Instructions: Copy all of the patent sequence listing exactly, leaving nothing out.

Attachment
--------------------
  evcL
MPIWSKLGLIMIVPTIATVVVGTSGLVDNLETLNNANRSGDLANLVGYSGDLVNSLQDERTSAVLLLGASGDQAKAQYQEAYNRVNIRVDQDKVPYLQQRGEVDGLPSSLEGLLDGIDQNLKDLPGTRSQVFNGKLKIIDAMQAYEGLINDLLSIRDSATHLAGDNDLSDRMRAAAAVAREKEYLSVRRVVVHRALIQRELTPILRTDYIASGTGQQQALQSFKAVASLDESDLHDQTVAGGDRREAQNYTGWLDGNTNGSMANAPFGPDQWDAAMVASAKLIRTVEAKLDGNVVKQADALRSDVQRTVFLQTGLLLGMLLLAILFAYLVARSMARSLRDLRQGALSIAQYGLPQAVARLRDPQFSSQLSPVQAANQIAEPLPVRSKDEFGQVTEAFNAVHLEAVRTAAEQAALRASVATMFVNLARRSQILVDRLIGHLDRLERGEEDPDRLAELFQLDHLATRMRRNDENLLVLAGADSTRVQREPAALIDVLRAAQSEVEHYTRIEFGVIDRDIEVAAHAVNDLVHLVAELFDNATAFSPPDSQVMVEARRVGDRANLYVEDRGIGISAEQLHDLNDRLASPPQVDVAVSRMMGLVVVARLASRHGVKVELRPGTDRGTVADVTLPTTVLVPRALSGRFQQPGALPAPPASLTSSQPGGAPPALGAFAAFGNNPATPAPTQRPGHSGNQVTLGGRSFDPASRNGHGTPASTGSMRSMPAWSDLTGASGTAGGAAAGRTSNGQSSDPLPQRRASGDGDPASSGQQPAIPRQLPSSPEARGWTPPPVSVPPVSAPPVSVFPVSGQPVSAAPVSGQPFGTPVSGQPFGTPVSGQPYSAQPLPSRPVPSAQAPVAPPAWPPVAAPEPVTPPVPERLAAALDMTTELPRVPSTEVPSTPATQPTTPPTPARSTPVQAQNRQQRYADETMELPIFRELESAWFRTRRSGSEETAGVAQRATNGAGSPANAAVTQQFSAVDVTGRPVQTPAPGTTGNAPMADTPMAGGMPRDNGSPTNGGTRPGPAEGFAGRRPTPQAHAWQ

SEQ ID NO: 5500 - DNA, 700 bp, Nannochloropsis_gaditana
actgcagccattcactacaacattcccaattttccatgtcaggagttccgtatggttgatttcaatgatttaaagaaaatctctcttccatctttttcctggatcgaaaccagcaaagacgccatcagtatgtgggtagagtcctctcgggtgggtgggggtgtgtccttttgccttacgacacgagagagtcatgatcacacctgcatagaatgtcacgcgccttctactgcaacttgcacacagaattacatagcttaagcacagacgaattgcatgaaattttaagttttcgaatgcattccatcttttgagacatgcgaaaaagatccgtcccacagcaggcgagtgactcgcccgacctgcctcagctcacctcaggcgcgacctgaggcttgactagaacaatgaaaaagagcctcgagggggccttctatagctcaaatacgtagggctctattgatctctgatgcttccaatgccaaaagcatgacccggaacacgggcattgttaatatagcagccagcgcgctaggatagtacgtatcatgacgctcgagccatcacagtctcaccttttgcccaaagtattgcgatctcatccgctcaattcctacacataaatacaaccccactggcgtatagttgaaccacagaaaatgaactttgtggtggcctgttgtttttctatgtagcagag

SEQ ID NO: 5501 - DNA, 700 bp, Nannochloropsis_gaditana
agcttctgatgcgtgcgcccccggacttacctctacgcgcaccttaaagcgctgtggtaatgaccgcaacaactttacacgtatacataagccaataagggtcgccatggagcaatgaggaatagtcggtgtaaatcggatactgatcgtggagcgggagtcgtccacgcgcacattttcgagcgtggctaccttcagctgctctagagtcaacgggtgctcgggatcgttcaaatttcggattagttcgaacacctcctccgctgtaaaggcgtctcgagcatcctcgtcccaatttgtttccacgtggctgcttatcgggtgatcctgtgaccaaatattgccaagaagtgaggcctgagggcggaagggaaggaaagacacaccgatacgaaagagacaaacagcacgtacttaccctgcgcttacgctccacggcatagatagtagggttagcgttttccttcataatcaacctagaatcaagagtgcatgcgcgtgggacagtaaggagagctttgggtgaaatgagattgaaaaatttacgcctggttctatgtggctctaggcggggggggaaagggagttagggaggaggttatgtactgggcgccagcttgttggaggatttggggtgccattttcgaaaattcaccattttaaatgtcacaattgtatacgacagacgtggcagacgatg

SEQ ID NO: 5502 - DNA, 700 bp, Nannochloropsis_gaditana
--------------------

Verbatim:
  evcL
MPIWSKLGLIMIVPTIATVVVGTSGLVDNLETLNNANRSGDLANLVGYSGDLVNSLQDERTSAVLLLGASGDQAKAQYQEAYNRVNIRVDQDKVPYLQQRGEVDGLPSSLEGLLDGIDQNLKDLPGTRSQVFNGKLKIIDAMQAYEGLINDLLSIRDSATHLAGDNDLSDRMRAAAAVAREKEYLSVRRVVVHRALIQRELTPILRTDYIASGTGQQQALQSFKAVASLDESDLHDQTVAGGDRREAQNYTGWLDGNTNGSMANAPFGPDQWDAAMVASAKLIRTVEAKLDGNVVKQADALRSDVQRTVFLQTGLLLGMLLLAILFAYLVARSMARSLRDLRQGALSIAQYGLPQAVARLRDPQFSSQLSPVQAANQIAEPLPVRSKDEFGQVTEAFNAVHLEAVRTAAEQAALRASVATMFVNLARRSQILVDRLIGHLDRLERGEEDPDRLAELFQLDHLATRMRRNDENLLVLAGADSTRVQREPAALIDVLRAAQSEVEHYTRIEFGVIDRDIEVAAHAVNDLVHLVAELFDNATAFSPPDSQVMVEARRVGDRANLYVEDRGIGISAEQLHDLNDRLASPPQVDVAVSRMMGLVVVARLASRHGVKVELRPGTDRGTVADVTLPTTVLVPRALSGRFQQPGALPAPPASLTSSQPGGAPPALGAFAAFGNNPATPAPTQRPGHSGNQVTLGGRSFDPASRNGHGTPASTGSMRSMPAWSDLTGASGTAGGAAAGRTSNGQSSDPLPQRRASGDGDPASSGQQPAIPRQLPSSPEARGWTPPPVSVPPVSAPPVSVFPVSGQPVSAAPVSGQPFGTPVSGQPFGTPVSGQPYSAQPLPSRPVPSAQAPVAPPAWPPVAAPEPVTPPVPERLAAALDMTTELPRVPSTEVPSTPATQPTTPPTPARSTPVQAQNRQQRYADETMELPIFRELESAWFRTRRSGSEETAGVAQRATNGAGSPANAAVTQQFSAVDVTGRPVQTPAPGTTGNAPMADTPMAGGMPRDNGSPTNGGTRPGPAEGFAGRRPTPQAHAWQ

SEQ ID NO: 5500 - DNA, 700 bp, Nannochloropsis_gaditana
actgcagccattcactacaacattcccaattttccatgtcaggagttccgtatggttgatttcaatgatttaaagaaaatctctcttccatctttttcctggatcgaaaccagcaaagacgccatcagtatgtgggtagagtcctctcgggtgggtgggggtgtgtccttttgccttacgacacgagagagtcatgatcacacctgcatagaatgtcacgcgccttctactgcaacttgcacacagaattacatagcttaagcacagacgaattgcatgaaattttaagttttcgaatgcattccatcttttgagacatgcgaaaaagatccgtcccacagcaggcgagtgactcgcccgacctgcctcagctcacctcaggcgcgacctgaggcttgactagaacaatgaaaaagagcctcgagggggccttctatagctcaaatacgtagggctctattgatctctgatgcttccaatgccaaaagcatgacccggaacacgggcattgttaatatagcagccagcgcgctaggatagtacgtatcatgacgctcgagccatcacagtctcaccttttgcccaaagtattgcgatctcatccgctcaattcctacacataaatacaaccccactggcgtatagttgaaccacagaaaatgaactttgtggtggcctgttgtttttctatgtagcagag

SEQ ID NO: 5501 - DNA, 700 bp, Nannochloropsis_gaditana
agcttctgatgcgtgcgcccccggacttacctctacgcgcaccttaaagcgctgtggtaatgaccgcaacaactttacacgtatacataagccaataagggtcgccatggagcaatgaggaatagtcggtgtaaatcggatactgatcgtggagcgggagtcgtccacgcgcacattttcgagcgtggctaccttcagctgctctagagtcaacgggtgctcgggatcgttcaaatttcggattagttcgaacacctcctccgctgtaaaggcgtctcgagcatcctcgtcccaatttgtttccacgtggctgcttatcgggtgatcctgtgaccaaatattgccaagaagtgaggcctgagggcggaagggaaggaaagacacaccgatacgaaagagacaaacagcacgtacttaccctgcgcttacgctccacggcatagatagtagggttagcgttttccttcataatcaacctagaatcaagagtgcatgcgcgtgggacagtaaggagagctttgggtgaaatgagattgaaaaatttacgcctggttctatgtggctctaggcggggggggaaagggagttagggaggaggttatgtactgggcgccagcttgttggaggatttggggtgccattttcgaaaattcaccattttaaatgtcacaattgtatacgacagacgtggcagacgatg

SEQ ID NO: 5502 - DNA, 700 bp, Nannochloropsis_gaditana